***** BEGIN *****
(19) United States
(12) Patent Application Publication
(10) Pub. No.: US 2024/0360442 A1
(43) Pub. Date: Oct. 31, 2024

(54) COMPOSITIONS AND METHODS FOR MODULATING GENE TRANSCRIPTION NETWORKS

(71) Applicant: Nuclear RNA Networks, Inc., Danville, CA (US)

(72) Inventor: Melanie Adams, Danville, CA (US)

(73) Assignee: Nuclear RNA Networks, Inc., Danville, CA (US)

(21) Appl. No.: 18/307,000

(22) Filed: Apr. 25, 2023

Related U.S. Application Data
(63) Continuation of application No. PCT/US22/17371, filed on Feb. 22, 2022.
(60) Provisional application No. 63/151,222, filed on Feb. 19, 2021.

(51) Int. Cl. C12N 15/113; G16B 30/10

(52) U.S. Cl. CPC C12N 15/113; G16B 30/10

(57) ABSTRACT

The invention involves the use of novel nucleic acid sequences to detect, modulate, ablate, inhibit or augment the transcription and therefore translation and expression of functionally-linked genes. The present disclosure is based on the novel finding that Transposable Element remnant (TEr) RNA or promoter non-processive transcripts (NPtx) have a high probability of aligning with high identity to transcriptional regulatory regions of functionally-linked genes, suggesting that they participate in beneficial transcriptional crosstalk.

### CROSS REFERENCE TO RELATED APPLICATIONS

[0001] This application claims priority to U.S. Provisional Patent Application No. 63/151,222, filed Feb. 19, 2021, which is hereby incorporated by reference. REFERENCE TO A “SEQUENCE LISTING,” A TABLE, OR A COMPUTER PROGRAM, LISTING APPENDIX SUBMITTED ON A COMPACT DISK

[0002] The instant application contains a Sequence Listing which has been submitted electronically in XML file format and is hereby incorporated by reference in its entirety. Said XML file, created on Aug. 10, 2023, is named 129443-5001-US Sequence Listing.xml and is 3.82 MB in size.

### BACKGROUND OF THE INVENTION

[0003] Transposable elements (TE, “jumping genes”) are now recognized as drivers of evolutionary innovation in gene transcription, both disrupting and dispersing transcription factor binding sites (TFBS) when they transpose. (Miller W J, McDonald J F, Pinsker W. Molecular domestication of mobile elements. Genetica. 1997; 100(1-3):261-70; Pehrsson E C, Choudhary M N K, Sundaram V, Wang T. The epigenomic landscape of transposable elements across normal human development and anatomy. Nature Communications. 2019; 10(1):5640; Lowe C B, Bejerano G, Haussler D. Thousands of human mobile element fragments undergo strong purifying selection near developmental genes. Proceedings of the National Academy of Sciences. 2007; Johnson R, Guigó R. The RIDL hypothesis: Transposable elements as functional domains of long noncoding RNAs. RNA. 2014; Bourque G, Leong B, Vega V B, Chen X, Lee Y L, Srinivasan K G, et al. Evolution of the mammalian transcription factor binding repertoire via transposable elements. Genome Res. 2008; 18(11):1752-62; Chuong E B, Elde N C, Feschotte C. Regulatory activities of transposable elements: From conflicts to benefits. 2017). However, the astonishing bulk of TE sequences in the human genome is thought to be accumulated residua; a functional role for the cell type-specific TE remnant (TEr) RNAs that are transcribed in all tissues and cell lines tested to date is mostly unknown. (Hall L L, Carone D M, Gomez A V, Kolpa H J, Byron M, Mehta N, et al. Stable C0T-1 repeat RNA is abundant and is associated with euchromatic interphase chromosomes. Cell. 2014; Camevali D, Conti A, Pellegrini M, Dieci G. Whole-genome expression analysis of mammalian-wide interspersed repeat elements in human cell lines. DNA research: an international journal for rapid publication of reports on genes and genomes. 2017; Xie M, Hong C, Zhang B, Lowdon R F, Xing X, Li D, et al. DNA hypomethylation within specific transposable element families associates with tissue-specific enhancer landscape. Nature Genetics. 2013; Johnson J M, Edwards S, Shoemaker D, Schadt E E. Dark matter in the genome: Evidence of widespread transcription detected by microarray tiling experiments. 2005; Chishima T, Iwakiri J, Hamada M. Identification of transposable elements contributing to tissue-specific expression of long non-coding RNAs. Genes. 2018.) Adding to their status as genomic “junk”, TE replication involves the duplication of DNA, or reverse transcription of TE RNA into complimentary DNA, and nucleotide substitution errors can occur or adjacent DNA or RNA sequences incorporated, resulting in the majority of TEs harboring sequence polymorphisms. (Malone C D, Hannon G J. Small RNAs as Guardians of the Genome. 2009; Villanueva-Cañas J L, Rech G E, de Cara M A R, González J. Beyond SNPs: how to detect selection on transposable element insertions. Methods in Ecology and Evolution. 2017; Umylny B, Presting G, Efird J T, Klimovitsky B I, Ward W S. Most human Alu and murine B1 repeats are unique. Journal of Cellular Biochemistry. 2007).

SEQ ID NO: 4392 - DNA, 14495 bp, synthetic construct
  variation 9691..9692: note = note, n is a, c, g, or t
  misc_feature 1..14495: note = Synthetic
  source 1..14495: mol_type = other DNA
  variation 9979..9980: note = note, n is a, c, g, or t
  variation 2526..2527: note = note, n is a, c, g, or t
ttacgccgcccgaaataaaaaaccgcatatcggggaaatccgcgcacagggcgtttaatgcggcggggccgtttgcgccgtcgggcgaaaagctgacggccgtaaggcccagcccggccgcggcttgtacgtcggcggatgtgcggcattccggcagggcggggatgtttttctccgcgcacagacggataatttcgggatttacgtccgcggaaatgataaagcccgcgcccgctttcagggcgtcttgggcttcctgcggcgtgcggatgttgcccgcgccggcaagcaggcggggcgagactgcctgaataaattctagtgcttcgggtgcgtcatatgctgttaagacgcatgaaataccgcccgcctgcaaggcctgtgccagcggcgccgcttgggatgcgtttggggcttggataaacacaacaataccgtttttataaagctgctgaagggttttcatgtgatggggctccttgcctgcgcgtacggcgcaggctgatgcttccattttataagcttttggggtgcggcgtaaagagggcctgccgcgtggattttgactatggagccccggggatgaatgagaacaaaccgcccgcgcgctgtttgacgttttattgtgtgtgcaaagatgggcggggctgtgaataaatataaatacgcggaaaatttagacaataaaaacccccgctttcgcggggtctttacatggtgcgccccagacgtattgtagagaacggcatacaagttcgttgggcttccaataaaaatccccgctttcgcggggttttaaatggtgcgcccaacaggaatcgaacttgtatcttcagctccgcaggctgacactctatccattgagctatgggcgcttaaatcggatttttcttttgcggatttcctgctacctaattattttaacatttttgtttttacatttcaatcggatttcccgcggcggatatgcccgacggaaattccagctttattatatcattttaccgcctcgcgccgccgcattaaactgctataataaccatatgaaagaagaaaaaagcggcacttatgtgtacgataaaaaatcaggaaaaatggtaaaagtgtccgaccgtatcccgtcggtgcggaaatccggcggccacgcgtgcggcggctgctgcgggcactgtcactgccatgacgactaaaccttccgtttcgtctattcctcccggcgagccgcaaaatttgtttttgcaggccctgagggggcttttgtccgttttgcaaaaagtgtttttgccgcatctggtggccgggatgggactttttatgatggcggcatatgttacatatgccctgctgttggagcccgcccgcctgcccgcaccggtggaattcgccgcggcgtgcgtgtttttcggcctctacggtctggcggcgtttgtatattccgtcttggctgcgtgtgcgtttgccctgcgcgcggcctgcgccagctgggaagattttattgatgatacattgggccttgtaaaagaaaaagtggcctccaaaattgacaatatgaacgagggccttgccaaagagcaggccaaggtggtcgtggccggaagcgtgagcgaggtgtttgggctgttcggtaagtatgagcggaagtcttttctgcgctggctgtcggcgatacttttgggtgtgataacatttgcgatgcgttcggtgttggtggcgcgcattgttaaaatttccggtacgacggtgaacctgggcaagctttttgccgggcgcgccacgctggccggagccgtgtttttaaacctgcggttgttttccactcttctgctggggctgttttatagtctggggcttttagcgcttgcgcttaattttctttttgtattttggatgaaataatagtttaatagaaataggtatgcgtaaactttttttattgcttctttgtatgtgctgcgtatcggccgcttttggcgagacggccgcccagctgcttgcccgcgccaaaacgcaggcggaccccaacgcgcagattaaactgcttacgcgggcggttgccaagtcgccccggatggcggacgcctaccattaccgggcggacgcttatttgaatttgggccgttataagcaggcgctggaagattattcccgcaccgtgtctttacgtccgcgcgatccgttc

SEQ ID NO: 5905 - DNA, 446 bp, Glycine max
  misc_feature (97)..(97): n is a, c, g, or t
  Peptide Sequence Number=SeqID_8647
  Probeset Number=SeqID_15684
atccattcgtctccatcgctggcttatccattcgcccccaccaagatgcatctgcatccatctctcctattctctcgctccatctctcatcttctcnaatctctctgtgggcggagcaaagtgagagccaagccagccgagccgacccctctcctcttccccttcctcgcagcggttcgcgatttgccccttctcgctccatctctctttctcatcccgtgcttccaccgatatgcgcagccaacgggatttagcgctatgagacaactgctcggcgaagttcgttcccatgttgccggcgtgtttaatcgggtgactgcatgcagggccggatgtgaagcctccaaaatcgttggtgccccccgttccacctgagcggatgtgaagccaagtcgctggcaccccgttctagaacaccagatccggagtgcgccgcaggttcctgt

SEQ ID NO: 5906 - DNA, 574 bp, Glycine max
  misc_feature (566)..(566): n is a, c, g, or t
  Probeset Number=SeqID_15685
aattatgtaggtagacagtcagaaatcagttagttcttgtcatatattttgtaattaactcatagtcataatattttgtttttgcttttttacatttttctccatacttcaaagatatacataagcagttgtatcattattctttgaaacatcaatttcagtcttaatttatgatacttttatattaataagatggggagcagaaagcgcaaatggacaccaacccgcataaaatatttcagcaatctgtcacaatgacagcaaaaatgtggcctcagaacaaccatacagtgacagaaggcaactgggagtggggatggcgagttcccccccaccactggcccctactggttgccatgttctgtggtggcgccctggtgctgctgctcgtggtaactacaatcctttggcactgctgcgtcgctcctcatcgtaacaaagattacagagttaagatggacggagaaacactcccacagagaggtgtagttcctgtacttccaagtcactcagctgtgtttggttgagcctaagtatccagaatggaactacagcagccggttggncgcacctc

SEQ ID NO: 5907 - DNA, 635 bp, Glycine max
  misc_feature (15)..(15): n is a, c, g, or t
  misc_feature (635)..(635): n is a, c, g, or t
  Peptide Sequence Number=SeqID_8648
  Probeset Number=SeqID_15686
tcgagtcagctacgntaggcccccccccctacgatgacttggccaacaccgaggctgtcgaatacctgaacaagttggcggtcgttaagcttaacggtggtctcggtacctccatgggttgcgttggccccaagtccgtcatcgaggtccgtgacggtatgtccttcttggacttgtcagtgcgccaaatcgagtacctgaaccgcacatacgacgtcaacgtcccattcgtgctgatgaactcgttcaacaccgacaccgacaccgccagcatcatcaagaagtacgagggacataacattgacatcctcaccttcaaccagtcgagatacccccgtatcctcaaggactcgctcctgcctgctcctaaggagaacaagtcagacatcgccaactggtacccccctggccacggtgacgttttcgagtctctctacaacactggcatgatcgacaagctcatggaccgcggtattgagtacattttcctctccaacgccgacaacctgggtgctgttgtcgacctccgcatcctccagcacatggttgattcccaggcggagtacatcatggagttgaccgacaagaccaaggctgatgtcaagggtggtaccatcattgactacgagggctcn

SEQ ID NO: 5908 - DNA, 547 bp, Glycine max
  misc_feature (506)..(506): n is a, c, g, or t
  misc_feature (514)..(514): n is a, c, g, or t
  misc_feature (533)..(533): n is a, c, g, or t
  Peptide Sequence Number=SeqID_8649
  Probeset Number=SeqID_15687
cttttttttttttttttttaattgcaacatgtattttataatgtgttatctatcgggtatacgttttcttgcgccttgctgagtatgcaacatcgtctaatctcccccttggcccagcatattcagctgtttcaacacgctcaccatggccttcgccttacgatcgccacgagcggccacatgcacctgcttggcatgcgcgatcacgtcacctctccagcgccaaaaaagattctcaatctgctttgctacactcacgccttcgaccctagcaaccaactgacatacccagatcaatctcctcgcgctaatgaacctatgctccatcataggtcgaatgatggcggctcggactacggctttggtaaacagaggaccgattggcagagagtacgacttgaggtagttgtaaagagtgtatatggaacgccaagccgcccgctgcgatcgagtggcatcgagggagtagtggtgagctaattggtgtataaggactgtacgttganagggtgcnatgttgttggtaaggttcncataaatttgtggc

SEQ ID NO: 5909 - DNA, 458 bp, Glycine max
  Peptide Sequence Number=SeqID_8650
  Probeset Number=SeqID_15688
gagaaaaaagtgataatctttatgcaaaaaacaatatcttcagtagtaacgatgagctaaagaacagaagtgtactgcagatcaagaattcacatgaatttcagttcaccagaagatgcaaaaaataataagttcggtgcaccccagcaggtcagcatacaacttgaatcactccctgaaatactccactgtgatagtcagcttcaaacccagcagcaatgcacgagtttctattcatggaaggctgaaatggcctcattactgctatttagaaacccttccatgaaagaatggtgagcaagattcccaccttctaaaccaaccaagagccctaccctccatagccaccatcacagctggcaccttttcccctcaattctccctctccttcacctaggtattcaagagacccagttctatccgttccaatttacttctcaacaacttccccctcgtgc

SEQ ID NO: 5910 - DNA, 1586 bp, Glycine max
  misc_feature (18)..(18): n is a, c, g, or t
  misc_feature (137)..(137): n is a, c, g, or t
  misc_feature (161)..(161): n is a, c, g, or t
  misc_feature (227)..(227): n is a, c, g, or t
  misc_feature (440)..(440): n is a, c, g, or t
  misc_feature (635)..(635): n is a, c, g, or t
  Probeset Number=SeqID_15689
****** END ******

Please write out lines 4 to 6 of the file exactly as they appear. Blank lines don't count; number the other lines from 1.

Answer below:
(43) Pub. Date: Oct. 31, 2024

(54) COMPOSITIONS AND METHODS FOR MODULATING GENE TRANSCRIPTION NETWORKS

(71) Applicant: Nuclear RNA Networks, Inc., Danville, CA (US)